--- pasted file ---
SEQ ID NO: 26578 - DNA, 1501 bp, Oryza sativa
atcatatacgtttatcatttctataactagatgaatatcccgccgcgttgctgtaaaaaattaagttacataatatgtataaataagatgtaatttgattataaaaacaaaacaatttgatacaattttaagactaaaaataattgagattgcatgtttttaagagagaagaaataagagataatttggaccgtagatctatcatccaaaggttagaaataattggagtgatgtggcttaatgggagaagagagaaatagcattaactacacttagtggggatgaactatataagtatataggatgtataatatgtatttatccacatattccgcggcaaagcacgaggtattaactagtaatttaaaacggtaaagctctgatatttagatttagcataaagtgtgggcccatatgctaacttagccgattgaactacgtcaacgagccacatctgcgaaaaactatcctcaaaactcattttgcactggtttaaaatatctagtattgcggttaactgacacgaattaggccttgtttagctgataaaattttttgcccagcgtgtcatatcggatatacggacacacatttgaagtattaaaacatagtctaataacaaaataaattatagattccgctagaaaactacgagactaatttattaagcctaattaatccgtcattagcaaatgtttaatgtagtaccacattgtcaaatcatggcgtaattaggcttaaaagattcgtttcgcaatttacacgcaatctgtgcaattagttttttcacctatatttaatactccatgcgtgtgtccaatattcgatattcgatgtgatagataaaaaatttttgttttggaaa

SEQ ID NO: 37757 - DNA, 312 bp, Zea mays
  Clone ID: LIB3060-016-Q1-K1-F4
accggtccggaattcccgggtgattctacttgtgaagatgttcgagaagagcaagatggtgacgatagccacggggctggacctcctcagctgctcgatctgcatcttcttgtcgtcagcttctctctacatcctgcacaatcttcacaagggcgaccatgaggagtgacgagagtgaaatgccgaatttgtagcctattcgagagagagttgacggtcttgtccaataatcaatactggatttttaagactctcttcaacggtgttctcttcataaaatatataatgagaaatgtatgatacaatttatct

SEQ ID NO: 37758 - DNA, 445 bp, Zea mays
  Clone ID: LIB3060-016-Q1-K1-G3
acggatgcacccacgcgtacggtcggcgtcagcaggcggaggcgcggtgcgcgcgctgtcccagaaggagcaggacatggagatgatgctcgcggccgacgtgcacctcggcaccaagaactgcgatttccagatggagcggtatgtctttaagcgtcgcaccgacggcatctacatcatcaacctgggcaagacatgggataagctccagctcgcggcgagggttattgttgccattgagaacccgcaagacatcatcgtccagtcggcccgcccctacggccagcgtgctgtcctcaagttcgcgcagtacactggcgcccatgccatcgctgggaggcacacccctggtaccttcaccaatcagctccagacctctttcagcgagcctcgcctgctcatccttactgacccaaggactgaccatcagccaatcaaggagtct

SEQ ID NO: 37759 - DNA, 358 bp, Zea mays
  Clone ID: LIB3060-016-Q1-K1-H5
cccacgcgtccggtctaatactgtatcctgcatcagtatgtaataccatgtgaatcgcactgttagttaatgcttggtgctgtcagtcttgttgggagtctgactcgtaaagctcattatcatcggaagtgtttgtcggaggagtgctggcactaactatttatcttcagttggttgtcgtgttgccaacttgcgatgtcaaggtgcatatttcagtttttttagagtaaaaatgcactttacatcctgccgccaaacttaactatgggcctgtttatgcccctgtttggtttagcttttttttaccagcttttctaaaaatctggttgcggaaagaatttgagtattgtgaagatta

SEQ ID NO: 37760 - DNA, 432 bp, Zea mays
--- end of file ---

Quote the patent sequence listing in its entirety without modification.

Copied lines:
SEQ ID NO: 26578 - DNA, 1501 bp, Oryza sativa
atcatatacgtttatcatttctataactagatgaatatcccgccgcgttgctgtaaaaaattaagttacataatatgtataaataagatgtaatttgattataaaaacaaaacaatttgatacaattttaagactaaaaataattgagattgcatgtttttaagagagaagaaataagagataatttggaccgtagatctatcatccaaaggttagaaataattggagtgatgtggcttaatgggagaagagagaaatagcattaactacacttagtggggatgaactatataagtatataggatgtataatatgtatttatccacatattccgcggcaaagcacgaggtattaactagtaatttaaaacggtaaagctctgatatttagatttagcataaagtgtgggcccatatgctaacttagccgattgaactacgtcaacgagccacatctgcgaaaaactatcctcaaaactcattttgcactggtttaaaatatctagtattgcggttaactgacacgaattaggccttgtttagctgataaaattttttgcccagcgtgtcatatcggatatacggacacacatttgaagtattaaaacatagtctaataacaaaataaattatagattccgctagaaaactacgagactaatttattaagcctaattaatccgtcattagcaaatgtttaatgtagtaccacattgtcaaatcatggcgtaattaggcttaaaagattcgtttcgcaatttacacgcaatctgtgcaattagttttttcacctatatttaatactccatgcgtgtgtccaatattcgatattcgatgtgatagataaaaaatttttgttttggaaa

SEQ ID NO: 37757 - DNA, 312 bp, Zea mays
  Clone ID: LIB3060-016-Q1-K1-F4
accggtccggaattcccgggtgattctacttgtgaagatgttcgagaagagcaagatggtgacgatagccacggggctggacctcctcagctgctcgatctgcatcttcttgtcgtcagcttctctctacatcctgcacaatcttcacaagggcgaccatgaggagtgacgagagtgaaatgccgaatttgtagcctattcgagagagagttgacggtcttgtccaataatcaatactggatttttaagactctcttcaacggtgttctcttcataaaatatataatgagaaatgtatgatacaatttatct

SEQ ID NO: 37758 - DNA, 445 bp, Zea mays
  Clone ID: LIB3060-016-Q1-K1-G3
acggatgcacccacgcgtacggtcggcgtcagcaggcggaggcgcggtgcgcgcgctgtcccagaaggagcaggacatggagatgatgctcgcggccgacgtgcacctcggcaccaagaactgcgatttccagatggagcggtatgtctttaagcgtcgcaccgacggcatctacatcatcaacctgggcaagacatgggataagctccagctcgcggcgagggttattgttgccattgagaacccgcaagacatcatcgtccagtcggcccgcccctacggccagcgtgctgtcctcaagttcgcgcagtacactggcgcccatgccatcgctgggaggcacacccctggtaccttcaccaatcagctccagacctctttcagcgagcctcgcctgctcatccttactgacccaaggactgaccatcagccaatcaaggagtct

SEQ ID NO: 37759 - DNA, 358 bp, Zea mays
  Clone ID: LIB3060-016-Q1-K1-H5
cccacgcgtccggtctaatactgtatcctgcatcagtatgtaataccatgtgaatcgcactgttagttaatgcttggtgctgtcagtcttgttgggagtctgactcgtaaagctcattatcatcggaagtgtttgtcggaggagtgctggcactaactatttatcttcagttggttgtcgtgttgccaacttgcgatgtcaaggtgcatatttcagtttttttagagtaaaaatgcactttacatcctgccgccaaacttaactatgggcctgtttatgcccctgtttggtttagcttttttttaccagcttttctaaaaatctggttgcggaaagaatttgagtattgtgaagatta

SEQ ID NO: 37760 - DNA, 432 bp, Zea mays